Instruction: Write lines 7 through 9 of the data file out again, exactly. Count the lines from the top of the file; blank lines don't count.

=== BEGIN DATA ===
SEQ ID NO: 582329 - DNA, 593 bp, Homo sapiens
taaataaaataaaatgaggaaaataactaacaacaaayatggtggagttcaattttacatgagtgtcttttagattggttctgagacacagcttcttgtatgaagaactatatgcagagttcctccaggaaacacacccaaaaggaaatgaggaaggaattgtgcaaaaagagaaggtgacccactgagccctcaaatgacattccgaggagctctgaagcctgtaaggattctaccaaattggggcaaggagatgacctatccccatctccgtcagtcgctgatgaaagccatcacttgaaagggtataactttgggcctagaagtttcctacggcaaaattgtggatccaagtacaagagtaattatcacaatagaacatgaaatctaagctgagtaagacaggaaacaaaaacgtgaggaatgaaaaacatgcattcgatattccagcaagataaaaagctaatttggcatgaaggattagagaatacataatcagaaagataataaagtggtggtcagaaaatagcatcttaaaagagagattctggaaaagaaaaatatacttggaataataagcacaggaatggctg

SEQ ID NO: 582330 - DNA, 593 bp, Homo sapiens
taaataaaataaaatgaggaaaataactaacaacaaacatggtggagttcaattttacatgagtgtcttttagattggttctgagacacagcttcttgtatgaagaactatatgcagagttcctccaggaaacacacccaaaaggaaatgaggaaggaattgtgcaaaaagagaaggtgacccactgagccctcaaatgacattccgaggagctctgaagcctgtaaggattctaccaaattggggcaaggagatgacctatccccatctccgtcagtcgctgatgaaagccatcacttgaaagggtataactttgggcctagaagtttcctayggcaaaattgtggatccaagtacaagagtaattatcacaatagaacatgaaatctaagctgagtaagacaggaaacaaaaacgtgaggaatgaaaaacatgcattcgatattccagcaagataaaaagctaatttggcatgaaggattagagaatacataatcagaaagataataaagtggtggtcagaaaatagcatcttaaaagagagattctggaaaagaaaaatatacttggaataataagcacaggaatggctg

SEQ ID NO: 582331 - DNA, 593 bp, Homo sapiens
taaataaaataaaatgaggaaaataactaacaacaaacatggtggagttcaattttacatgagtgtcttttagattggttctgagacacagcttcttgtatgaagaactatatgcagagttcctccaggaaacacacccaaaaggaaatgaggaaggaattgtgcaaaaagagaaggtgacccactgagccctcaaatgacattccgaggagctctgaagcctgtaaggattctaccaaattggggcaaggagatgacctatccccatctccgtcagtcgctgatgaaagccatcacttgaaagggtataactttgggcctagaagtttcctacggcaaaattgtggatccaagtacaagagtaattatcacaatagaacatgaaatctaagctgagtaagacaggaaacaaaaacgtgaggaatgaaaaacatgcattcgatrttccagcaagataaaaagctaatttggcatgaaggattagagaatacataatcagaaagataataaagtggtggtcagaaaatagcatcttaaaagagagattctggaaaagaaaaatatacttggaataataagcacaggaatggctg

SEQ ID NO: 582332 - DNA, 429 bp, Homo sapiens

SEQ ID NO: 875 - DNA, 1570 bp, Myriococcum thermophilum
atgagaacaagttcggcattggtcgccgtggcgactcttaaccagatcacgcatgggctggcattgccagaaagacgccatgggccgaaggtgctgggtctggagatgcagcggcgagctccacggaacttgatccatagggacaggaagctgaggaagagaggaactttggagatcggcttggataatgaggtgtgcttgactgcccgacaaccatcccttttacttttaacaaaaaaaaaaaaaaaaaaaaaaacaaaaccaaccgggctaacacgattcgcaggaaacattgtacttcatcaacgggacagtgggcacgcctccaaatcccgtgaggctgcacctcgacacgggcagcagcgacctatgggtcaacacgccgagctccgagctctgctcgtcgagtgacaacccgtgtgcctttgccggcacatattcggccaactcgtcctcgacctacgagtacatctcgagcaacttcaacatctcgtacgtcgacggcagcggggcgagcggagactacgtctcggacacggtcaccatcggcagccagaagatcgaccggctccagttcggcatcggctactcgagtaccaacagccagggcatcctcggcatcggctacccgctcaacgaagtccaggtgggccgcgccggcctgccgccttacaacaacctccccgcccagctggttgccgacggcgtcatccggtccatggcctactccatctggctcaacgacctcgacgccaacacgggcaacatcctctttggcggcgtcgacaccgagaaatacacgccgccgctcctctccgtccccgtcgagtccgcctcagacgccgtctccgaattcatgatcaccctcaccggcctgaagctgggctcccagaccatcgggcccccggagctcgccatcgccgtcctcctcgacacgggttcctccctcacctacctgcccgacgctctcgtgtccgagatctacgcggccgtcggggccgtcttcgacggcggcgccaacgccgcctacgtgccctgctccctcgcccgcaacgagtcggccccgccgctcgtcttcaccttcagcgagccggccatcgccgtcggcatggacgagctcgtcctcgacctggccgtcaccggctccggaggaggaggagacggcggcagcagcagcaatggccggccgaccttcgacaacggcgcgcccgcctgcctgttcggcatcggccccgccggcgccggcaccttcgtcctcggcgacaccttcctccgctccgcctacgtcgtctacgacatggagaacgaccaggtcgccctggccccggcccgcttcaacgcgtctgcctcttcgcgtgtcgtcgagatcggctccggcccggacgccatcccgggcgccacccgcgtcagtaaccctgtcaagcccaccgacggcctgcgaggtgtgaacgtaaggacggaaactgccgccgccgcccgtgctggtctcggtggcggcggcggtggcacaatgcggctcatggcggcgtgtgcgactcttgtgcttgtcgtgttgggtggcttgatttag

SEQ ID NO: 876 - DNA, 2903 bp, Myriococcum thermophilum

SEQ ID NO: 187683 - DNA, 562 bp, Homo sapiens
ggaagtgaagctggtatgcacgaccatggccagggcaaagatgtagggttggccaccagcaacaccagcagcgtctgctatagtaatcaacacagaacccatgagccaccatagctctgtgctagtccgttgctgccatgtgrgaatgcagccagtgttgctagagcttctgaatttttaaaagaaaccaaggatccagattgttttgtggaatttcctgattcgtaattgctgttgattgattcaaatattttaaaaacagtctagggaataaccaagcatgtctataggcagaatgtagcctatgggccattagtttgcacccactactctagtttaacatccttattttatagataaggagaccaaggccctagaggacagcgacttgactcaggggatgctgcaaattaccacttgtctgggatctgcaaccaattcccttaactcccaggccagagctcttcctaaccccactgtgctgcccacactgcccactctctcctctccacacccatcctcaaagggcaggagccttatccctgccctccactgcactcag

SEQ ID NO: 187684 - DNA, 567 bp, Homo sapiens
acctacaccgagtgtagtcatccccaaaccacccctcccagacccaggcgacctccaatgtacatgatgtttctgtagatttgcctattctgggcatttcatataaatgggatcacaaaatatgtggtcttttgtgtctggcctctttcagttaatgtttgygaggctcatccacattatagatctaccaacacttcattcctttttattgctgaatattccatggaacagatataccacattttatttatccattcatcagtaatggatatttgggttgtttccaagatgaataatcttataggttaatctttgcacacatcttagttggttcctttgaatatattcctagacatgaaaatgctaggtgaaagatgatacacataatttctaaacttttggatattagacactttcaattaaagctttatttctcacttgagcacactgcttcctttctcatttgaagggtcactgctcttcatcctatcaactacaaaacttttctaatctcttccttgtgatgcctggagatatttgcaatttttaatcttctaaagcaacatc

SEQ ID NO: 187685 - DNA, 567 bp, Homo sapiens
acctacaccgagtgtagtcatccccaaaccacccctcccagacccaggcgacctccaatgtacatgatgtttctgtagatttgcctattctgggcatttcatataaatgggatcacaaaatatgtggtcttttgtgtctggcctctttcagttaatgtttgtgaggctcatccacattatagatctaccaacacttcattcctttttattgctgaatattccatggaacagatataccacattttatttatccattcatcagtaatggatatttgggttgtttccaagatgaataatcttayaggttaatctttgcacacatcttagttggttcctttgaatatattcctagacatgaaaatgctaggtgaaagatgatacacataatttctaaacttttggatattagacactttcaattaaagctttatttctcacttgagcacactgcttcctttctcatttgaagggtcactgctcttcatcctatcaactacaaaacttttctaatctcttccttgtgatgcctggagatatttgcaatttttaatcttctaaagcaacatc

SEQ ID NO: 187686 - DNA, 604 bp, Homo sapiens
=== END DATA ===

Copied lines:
SEQ ID NO: 582332 - DNA, 429 bp, Homo sapiens

SEQ ID NO: 875 - DNA, 1570 bp, Myriococcum thermophilum
atgagaacaagttcggcattggtcgccgtggcgactcttaaccagatcacgcatgggctggcattgccagaaagacgccatgggccgaaggtgctgggtctggagatgcagcggcgagctccacggaacttgatccatagggacaggaagctgaggaagagaggaactttggagatcggcttggataatgaggtgtgcttgactgcccgacaaccatcccttttacttttaacaaaaaaaaaaaaaaaaaaaaaaacaaaaccaaccgggctaacacgattcgcaggaaacattgtacttcatcaacgggacagtgggcacgcctccaaatcccgtgaggctgcacctcgacacgggcagcagcgacctatgggtcaacacgccgagctccgagctctgctcgtcgagtgacaacccgtgtgcctttgccggcacatattcggccaactcgtcctcgacctacgagtacatctcgagcaacttcaacatctcgtacgtcgacggcagcggggcgagcggagactacgtctcggacacggtcaccatcggcagccagaagatcgaccggctccagttcggcatcggctactcgagtaccaacagccagggcatcctcggcatcggctacccgctcaacgaagtccaggtgggccgcgccggcctgccgccttacaacaacctccccgcccagctggttgccgacggcgtcatccggtccatggcctactccatctggctcaacgacctcgacgccaacacgggcaacatcctctttggcggcgtcgacaccgagaaatacacgccgccgctcctctccgtccccgtcgagtccgcctcagacgccgtctccgaattcatgatcaccctcaccggcctgaagctgggctcccagaccatcgggcccccggagctcgccatcgccgtcctcctcgacacgggttcctccctcacctacctgcccgacgctctcgtgtccgagatctacgcggccgtcggggccgtcttcgacggcggcgccaacgccgcctacgtgccctgctccctcgcccgcaacgagtcggccccgccgctcgtcttcaccttcagcgagccggccatcgccgtcggcatggacgagctcgtcctcgacctggccgtcaccggctccggaggaggaggagacggcggcagcagcagcaatggccggccgaccttcgacaacggcgcgcccgcctgcctgttcggcatcggccccgccggcgccggcaccttcgtcctcggcgacaccttcctccgctccgcctacgtcgtctacgacatggagaacgaccaggtcgccctggccccggcccgcttcaacgcgtctgcctcttcgcgtgtcgtcgagatcggctccggcccggacgccatcccgggcgccacccgcgtcagtaaccctgtcaagcccaccgacggcctgcgaggtgtgaacgtaaggacggaaactgccgccgccgcccgtgctggtctcggtggcggcggcggtggcacaatgcggctcatggcggcgtgtgcgactcttgtgcttgtcgtgttgggtggcttgatttag